In the past fifteen months, what’s changed?
The pandemic and 2020’s fallout have been changing me, just when I thought I was too old to change. Nobody’s ever that old, right?*
I can’t predict for how long these changes will last; but here’s how I am changing for now. (Ignoring the plethora of paintings — an artistic elephant in our living room)
1. My hair is longer. (Index of my shallowness?) Of course others would describe my hair cut as short; for me, though, it’s a change. The weirdness of longer hair is wearing off.
2. We now use only cloth napkins. I have accumulated quite a stash in forty-eight years of marriage. Can you believe I still have a few from our first year of marriage?
What was I thinking, not using them except for high days and holidays? Coming through these interesting times remains a cause for celebration!
I feel like I am still living on a set of some B Grade movie trying to remember my lines. What I thought was in the script’s been changed.
This isn’t as bad as it sounds —to muffle some of the static I reread the Gospels . . . it’s been awhile since I did that.
Unfortunately, I caught myself rushing through familiar passages looking for answers. So, perhaps I will go more slowly the next time.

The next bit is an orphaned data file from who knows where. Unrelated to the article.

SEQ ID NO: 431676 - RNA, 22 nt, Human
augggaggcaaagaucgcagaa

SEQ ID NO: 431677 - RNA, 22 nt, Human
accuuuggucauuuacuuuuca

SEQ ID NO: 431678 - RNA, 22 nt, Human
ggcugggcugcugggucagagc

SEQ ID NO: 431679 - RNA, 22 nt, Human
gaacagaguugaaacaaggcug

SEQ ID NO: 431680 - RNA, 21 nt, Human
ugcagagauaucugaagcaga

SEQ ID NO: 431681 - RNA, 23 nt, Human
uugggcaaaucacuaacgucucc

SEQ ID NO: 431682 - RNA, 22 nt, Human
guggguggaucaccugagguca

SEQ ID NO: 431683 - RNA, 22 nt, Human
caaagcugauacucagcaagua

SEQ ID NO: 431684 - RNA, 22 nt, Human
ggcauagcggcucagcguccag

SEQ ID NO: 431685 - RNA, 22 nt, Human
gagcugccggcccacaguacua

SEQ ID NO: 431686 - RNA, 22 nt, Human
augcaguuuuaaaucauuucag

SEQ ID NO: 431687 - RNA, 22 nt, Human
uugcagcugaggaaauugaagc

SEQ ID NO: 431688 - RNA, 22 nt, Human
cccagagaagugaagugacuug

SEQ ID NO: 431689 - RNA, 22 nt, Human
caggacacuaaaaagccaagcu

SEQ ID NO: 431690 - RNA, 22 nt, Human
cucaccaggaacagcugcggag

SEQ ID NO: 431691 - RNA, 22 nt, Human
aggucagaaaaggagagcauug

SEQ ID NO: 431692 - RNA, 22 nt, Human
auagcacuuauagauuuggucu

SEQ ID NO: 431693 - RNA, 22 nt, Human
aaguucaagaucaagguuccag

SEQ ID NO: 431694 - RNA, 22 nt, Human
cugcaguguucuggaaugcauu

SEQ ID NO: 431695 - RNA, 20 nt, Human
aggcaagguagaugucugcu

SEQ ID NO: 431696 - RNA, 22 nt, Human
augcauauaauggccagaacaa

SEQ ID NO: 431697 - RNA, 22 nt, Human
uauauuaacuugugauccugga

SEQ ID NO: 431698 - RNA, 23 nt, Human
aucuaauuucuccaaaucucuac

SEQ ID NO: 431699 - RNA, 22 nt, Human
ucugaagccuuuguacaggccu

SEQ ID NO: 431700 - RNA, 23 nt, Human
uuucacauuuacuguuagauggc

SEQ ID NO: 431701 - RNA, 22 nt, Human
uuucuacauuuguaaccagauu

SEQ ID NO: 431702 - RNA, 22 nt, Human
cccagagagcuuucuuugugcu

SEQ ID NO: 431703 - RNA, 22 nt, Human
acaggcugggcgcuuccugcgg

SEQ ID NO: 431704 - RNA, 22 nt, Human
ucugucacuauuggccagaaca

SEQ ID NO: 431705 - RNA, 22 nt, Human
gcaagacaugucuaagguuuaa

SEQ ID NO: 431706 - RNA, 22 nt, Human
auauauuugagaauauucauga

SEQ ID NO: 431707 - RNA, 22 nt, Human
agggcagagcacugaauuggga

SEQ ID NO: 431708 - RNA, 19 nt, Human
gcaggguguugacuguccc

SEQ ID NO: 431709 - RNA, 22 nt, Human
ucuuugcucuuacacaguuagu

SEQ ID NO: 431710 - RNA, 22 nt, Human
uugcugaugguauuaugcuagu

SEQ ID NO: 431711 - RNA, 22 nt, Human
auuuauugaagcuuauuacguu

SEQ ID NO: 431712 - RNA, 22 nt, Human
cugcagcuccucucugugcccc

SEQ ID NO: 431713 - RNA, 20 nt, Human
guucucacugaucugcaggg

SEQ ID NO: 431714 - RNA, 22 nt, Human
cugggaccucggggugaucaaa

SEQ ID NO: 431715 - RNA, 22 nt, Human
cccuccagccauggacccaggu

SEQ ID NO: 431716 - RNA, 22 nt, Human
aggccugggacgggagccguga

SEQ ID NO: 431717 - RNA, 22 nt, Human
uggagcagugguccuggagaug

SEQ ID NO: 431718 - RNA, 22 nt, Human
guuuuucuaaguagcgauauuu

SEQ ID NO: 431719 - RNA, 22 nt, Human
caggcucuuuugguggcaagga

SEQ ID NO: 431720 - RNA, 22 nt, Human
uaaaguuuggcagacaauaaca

I’ve also been reading parts of the Bible out loud, with friends.
In a sense, hearing the word read connects me with former times; times equally as troubling and uncertain as today. Maybe like imagining how it was when Lydia heard Paul.(Acts 16:11-15)
What’s Changed — What is Changing
These past fifteen months showed me I am never too old to:
1. Figure out better ways to be open, hospitable, and teachable.
It may be hard for an egg to turn into a bird: it would be a jolly sight harder for a bird to learn to fly while remaining an egg. We are like eggs at present. And you cannot go on indefinitely being just an ordinary, decent egg. We must be hatched or go bad.” ― C.S. Lewis, Mere Christianity
2. Pray more, talk less.
Praying has come to be the only response I have to the troubles that innocent people suffer, or contentious people insist on inviting. Abraham Lincoln was right:
“I have been driven many times upon my knees by the overwhelming conviction that I had no where else to go. My own wisdom and that of all about me seemed insufficient for that day.”
How are you doing, reader? What’s changed for you?